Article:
Shoplifting and employee theft are nothing new to business. In fact, today they account for $13 billion in losses a year, or $35 million per day. While these numbers are staggering, there are things you can do to minimize losses on both fronts – and keep more of your profits where they rightfully belong.
While there is no typical shoplifter, there are some typical shoplifter behaviors. They’ll avoid eye contact, wander without buying (while they’re really planning their theft) and linger in areas that are difficult to monitor. Shoplifters succeed by being stealthy and inconspicuous. Bring them to light and deter theft with these practices:
• Greet everyone who enters your store
• Be alert and keep tabs on customers by “scanning the room”
• Approach lingering customers with offers to help or answer questions
• Display signs saying you prosecute shoplifters to the fullest extent of the law
• Hire a security presence or install a system, if possible
If you suspect a customer is stealing, do not accuse the person. Give them an opportunity to pay for the item by asking if they’re ready to be rung up. Do not detain them – doing so can put you at risk. Instead, make note of what they look like, call the police or security as soon as you can, and give a detailed description.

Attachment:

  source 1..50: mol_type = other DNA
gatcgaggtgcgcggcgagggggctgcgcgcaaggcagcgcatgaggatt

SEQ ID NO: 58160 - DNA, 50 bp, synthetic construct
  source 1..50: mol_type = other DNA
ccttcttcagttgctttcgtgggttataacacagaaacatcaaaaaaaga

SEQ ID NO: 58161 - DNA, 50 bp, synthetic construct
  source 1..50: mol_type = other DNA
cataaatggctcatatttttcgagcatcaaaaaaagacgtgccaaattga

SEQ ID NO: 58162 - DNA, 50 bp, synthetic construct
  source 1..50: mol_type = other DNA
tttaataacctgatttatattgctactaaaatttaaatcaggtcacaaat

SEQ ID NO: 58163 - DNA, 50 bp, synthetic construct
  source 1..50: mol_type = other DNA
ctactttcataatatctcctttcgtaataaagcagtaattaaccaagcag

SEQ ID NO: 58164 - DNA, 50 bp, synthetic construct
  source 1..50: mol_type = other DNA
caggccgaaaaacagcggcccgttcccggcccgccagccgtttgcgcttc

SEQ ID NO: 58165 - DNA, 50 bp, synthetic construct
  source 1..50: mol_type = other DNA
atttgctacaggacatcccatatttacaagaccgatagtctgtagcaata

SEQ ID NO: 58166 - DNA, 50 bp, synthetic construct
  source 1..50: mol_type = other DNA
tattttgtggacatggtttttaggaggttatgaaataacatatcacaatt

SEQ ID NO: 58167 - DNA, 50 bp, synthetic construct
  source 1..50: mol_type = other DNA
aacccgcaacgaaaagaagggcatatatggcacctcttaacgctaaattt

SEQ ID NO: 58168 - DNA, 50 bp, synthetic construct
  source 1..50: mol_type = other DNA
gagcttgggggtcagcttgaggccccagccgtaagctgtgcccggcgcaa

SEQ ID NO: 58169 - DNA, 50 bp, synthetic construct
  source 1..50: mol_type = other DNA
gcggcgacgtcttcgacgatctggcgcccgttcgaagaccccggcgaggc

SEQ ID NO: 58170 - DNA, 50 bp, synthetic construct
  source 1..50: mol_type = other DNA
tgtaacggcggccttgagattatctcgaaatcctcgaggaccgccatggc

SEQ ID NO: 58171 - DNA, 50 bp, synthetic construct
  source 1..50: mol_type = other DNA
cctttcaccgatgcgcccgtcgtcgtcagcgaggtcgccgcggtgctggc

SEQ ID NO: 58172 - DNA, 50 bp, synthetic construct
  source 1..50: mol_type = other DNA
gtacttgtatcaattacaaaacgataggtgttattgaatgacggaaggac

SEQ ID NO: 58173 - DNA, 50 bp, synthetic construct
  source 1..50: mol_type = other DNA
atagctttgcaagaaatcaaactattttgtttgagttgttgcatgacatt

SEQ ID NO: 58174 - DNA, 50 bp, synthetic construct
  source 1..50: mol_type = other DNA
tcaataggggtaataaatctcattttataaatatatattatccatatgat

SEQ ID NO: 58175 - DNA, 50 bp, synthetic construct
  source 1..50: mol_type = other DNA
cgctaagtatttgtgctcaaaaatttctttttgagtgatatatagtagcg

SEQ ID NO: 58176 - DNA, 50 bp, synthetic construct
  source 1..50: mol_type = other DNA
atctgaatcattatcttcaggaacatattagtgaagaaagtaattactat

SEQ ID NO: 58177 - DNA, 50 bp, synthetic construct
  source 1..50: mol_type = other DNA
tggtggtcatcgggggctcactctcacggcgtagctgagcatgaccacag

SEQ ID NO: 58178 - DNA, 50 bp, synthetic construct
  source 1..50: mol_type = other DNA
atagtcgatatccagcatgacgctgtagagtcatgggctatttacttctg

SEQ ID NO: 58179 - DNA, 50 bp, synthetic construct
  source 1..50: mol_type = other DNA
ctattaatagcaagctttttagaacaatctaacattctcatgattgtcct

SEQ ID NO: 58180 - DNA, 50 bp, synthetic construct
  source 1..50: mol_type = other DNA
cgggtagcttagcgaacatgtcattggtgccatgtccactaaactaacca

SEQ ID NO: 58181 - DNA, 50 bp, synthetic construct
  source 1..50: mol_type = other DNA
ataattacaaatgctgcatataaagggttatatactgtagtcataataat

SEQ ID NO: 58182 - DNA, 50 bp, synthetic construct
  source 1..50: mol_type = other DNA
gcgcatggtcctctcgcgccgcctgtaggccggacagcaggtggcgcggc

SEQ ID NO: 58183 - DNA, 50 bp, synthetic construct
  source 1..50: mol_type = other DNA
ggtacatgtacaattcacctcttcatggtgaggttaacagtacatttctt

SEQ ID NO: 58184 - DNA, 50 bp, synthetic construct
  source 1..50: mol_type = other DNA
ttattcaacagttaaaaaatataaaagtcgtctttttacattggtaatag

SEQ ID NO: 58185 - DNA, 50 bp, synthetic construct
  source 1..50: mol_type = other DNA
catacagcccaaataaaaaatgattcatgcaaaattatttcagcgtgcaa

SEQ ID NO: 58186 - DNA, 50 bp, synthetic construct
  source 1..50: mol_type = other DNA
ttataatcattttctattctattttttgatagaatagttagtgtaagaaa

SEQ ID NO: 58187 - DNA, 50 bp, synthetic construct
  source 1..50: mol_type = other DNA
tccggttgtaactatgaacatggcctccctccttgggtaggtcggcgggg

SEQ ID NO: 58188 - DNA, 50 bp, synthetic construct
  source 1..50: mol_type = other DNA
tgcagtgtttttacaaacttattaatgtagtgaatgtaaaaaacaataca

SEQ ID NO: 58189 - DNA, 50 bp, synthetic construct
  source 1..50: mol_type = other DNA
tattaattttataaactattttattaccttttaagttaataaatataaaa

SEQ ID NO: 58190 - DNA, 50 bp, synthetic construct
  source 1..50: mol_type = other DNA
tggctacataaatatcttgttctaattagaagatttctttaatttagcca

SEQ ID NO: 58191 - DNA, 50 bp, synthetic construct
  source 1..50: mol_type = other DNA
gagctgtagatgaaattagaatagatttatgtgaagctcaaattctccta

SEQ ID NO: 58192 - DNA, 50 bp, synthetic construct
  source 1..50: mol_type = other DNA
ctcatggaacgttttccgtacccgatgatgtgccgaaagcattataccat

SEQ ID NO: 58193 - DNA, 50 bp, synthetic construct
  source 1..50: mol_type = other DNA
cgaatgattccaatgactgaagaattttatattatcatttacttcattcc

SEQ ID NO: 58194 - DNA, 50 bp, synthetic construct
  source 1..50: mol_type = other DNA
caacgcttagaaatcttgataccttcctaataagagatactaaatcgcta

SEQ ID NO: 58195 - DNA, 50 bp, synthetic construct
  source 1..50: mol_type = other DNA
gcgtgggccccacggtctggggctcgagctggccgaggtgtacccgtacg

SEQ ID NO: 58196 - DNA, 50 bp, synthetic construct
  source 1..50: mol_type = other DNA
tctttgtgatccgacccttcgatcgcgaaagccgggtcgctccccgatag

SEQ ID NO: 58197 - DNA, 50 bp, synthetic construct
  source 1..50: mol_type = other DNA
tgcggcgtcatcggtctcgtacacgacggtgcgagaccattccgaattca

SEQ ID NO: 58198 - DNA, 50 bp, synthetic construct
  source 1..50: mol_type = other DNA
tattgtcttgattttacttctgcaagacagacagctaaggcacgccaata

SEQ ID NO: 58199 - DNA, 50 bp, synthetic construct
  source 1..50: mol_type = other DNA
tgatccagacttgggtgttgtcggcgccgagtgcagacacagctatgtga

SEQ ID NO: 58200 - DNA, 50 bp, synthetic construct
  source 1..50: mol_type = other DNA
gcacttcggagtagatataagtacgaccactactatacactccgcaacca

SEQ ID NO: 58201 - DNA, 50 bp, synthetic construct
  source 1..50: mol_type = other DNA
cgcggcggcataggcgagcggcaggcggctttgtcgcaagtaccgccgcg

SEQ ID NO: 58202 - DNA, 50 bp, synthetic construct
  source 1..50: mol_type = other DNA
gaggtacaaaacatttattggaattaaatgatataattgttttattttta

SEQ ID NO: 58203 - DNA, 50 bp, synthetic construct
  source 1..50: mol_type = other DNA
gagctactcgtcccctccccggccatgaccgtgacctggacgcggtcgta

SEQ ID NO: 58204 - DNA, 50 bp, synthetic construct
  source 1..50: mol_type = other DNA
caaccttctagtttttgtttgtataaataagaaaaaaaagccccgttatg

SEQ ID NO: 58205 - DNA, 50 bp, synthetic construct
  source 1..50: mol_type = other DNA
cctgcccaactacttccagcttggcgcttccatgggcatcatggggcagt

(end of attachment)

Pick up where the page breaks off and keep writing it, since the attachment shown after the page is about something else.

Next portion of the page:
Employee theft can happen anywhere from the cash drawer to the warehouse. Deterring it takes a comprehensive approach that covers all the conceivable ways money or merchandise could walk.
Create an illusion of constant vigilance
Check cash drawers and inventory
Train and empower employees
Watch for odd behavior
You can’t be everywhere to prevent shoplifting and employee theft, however, you can do everything in your power to create a vigilant workplace. And that’s the next best deterrent.